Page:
By AJ Vicens and Natasha Khan
As Jamila Gatlin waited in line at a northside Milwaukee elementary school gym to cast her ballot June 5 in the proposed recall of Wisconsin Gov. Scott Walker, she noticed three people in the back of the room. They were watching, taking notes.
Officially called “election observers,” they were white. Gatlin, and almost everyone in line, was black.
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“Who Can Vote?” was produced by News21, a national investigative reporting project involving college journalism students across the country and headquartered at the Walter Cronkite School of Journalism and Mass Communication at Arizona State University. News21 is funded by the Carnegie Corporation of New York and the John S. and James L. Knight Foundation.
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Tampa group says voter rolls rife with felons (The Tampa Tribune)
“That’s pretty harassing right there, if you ask me,” Gatlin said in the hall outside the gym. “Why do we have to be watched while we vote?”
Two of the observers were from a group based more than 1,000 miles away called True the Vote, an initiative that grew out of the Houston Tea Party known as the King Street Patriots. Their goal is to prevent voter fraud, which the group and founder Catherine Engelbrecht claim is preventing “free and fair” elections.
Two months earlier, at True the Vote’s second national summit in Houston, more than 300 people from 32 states were transfixed by Engelbrecht and an array of conservative speakers.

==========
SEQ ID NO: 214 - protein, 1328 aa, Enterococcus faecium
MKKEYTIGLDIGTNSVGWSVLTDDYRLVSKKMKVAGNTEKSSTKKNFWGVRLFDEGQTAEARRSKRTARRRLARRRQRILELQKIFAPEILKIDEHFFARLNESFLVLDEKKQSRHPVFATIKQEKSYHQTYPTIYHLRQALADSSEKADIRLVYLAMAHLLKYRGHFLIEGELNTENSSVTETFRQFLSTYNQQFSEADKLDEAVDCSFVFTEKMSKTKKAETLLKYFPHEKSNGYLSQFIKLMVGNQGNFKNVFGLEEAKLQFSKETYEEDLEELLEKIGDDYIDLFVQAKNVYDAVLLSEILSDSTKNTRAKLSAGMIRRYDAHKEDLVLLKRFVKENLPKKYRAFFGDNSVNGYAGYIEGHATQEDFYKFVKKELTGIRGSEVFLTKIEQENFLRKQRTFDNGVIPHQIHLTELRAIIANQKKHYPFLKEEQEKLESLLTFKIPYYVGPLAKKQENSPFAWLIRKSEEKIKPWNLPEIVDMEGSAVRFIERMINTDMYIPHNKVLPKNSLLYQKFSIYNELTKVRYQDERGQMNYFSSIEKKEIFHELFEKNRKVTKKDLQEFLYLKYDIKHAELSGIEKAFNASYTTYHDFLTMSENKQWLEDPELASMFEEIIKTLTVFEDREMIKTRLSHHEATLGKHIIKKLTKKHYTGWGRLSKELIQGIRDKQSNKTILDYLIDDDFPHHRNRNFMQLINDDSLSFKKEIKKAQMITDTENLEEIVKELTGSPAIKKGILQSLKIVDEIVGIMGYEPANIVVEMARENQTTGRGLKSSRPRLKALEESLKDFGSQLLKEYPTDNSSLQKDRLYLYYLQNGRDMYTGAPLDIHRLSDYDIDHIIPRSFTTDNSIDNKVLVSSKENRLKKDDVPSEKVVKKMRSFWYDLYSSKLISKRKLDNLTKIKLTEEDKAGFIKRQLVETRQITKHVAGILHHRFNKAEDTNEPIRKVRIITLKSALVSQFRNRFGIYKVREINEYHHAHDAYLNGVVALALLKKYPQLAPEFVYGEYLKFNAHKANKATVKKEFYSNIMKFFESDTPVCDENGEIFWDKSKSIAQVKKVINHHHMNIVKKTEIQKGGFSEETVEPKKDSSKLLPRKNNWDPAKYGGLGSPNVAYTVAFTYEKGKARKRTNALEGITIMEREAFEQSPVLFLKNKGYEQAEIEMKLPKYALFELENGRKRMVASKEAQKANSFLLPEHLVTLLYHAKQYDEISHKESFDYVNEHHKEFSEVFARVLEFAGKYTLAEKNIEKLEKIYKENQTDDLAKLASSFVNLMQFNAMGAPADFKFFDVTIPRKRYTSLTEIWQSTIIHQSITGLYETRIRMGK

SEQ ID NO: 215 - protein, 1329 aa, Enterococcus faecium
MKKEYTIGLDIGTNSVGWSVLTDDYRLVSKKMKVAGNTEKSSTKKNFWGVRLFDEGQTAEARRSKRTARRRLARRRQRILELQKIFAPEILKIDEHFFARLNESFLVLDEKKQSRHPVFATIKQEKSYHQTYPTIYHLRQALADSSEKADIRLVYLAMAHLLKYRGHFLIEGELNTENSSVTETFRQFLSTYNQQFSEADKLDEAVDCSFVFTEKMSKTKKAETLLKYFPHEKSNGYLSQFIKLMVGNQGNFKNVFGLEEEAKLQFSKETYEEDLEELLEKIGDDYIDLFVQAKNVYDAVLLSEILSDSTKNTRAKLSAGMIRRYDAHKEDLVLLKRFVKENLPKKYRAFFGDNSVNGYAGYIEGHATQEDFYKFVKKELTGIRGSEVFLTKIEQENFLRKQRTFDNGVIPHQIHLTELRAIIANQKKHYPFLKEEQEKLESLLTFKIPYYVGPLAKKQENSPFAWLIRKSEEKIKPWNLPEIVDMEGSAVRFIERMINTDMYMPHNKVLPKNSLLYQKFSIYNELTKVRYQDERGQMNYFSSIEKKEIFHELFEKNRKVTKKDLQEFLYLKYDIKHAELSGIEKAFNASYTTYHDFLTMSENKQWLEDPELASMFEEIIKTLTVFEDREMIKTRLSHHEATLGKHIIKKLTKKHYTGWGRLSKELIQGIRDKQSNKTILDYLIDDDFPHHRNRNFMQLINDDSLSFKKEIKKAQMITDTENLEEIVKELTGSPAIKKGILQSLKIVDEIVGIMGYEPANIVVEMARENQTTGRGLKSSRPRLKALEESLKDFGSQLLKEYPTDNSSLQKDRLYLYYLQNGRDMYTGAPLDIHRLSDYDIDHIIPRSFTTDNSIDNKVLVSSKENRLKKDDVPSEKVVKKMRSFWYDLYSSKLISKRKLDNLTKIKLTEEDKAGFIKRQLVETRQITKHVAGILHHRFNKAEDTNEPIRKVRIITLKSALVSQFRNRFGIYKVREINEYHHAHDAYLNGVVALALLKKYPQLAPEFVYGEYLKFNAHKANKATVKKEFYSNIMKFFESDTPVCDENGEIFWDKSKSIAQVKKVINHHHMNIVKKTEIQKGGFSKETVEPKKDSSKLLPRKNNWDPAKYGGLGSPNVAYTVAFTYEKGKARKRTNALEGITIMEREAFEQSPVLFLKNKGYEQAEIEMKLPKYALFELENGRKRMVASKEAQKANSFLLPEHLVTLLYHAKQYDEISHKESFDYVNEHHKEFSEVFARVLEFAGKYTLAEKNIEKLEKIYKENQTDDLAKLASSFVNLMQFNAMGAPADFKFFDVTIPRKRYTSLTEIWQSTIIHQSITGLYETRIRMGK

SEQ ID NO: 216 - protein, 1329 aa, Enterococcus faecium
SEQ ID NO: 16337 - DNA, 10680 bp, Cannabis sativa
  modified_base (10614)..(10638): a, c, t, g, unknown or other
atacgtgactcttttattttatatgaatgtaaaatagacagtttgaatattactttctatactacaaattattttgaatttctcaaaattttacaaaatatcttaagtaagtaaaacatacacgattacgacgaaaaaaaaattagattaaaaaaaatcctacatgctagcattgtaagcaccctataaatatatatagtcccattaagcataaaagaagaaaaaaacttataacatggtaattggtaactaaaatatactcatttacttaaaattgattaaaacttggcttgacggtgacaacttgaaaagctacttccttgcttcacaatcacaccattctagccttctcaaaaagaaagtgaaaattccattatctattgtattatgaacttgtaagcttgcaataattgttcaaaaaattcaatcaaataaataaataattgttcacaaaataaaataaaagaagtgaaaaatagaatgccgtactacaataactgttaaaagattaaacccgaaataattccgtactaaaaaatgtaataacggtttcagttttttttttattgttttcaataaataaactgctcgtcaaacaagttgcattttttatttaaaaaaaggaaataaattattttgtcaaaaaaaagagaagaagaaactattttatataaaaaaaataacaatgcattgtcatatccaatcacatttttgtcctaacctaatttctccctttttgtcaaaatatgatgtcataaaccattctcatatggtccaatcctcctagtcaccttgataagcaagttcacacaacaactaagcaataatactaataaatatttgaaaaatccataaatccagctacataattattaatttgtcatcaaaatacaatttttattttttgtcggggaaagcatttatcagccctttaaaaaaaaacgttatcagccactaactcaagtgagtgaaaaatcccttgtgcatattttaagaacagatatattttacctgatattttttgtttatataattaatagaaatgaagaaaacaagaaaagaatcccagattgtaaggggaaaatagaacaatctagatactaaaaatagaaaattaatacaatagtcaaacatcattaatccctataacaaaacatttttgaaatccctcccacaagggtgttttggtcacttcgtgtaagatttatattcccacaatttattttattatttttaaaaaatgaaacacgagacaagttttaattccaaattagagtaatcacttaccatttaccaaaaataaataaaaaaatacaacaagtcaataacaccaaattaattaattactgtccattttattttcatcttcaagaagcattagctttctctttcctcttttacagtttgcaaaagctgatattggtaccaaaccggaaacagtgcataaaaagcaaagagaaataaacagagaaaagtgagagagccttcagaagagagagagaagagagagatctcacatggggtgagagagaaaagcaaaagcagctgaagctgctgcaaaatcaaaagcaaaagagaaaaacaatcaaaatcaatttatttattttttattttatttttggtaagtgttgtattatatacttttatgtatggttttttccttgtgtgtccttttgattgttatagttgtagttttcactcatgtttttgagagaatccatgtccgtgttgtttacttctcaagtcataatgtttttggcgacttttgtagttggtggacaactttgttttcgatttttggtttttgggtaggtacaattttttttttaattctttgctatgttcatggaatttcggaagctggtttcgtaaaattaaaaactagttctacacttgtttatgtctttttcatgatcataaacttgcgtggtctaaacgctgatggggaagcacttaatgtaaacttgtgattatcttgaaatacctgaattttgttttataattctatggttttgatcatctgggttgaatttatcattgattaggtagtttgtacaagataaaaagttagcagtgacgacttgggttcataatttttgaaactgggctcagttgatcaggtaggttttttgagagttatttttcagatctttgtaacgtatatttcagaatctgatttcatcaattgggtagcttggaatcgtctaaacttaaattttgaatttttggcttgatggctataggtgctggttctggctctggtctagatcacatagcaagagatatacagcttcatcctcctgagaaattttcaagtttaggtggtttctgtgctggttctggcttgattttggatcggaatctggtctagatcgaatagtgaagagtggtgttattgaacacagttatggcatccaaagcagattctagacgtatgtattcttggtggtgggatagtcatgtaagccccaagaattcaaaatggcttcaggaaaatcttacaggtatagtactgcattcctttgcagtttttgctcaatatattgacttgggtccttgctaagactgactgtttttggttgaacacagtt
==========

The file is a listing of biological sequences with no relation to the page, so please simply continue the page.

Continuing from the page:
“You have all been chosen because you are all warriors,” the 42-year-old mother of two said to cheers at the Sheraton Houston Brookhollow Hotel.
A few people wore $20 True the Vote T-shirts showing Martin Luther King Jr.’s image over the quote, “Peace if possible, truth at all costs.” The quote is widely credited online to16th century theologian Martin Luther, not the civil rights icon. However, Mark Edwards, senior adviser to the dean of the Harvard Divinity School, told News21 he could not be sure the quote was Martin Luther’s.
Few minorities heard Engelbrecht say “the time has come for a national call for election integrity,” but about 100 minority protesters were outside, protesting True the Vote and a national trend of tougher voting regulations.
The protesters, mainly blacks and Hispanics from a coalition of Texas-based minority rights groups, came to the Not In My Houston protest with their mouths covered in bright blue tape and holding signs that read, “We will not be silenced” and “Stop voter suppression!”
In just three years, True the Vote has moved beyond Texas and established itself as one of the political right’s fastest growing and most controversial groups.
With its model of poll-watcher training and voter-roll analysis used in at least 20 states, True the Vote is part of a national movement to tighten regulations on early voting and voter registration and to require that voters show ID at the polls in the name of fighting voter fraud.
Since 2010, 37 state legislatures have passed or considered such laws, championed by conservative activists, including True the Vote. Critics claim these new restrictions could suppress the votes of millions of people, especially minorities, across the country.
Engelbrecht testified in favor of the photo ID law in the Texas Legislature in 2011. The U.S. Department of Justice Civil Rights Division blocked the measure in March, claiming it could disproportionately suppress Hispanic votes. A three-judge district court panel in Washington heard arguments in the Texas case in July.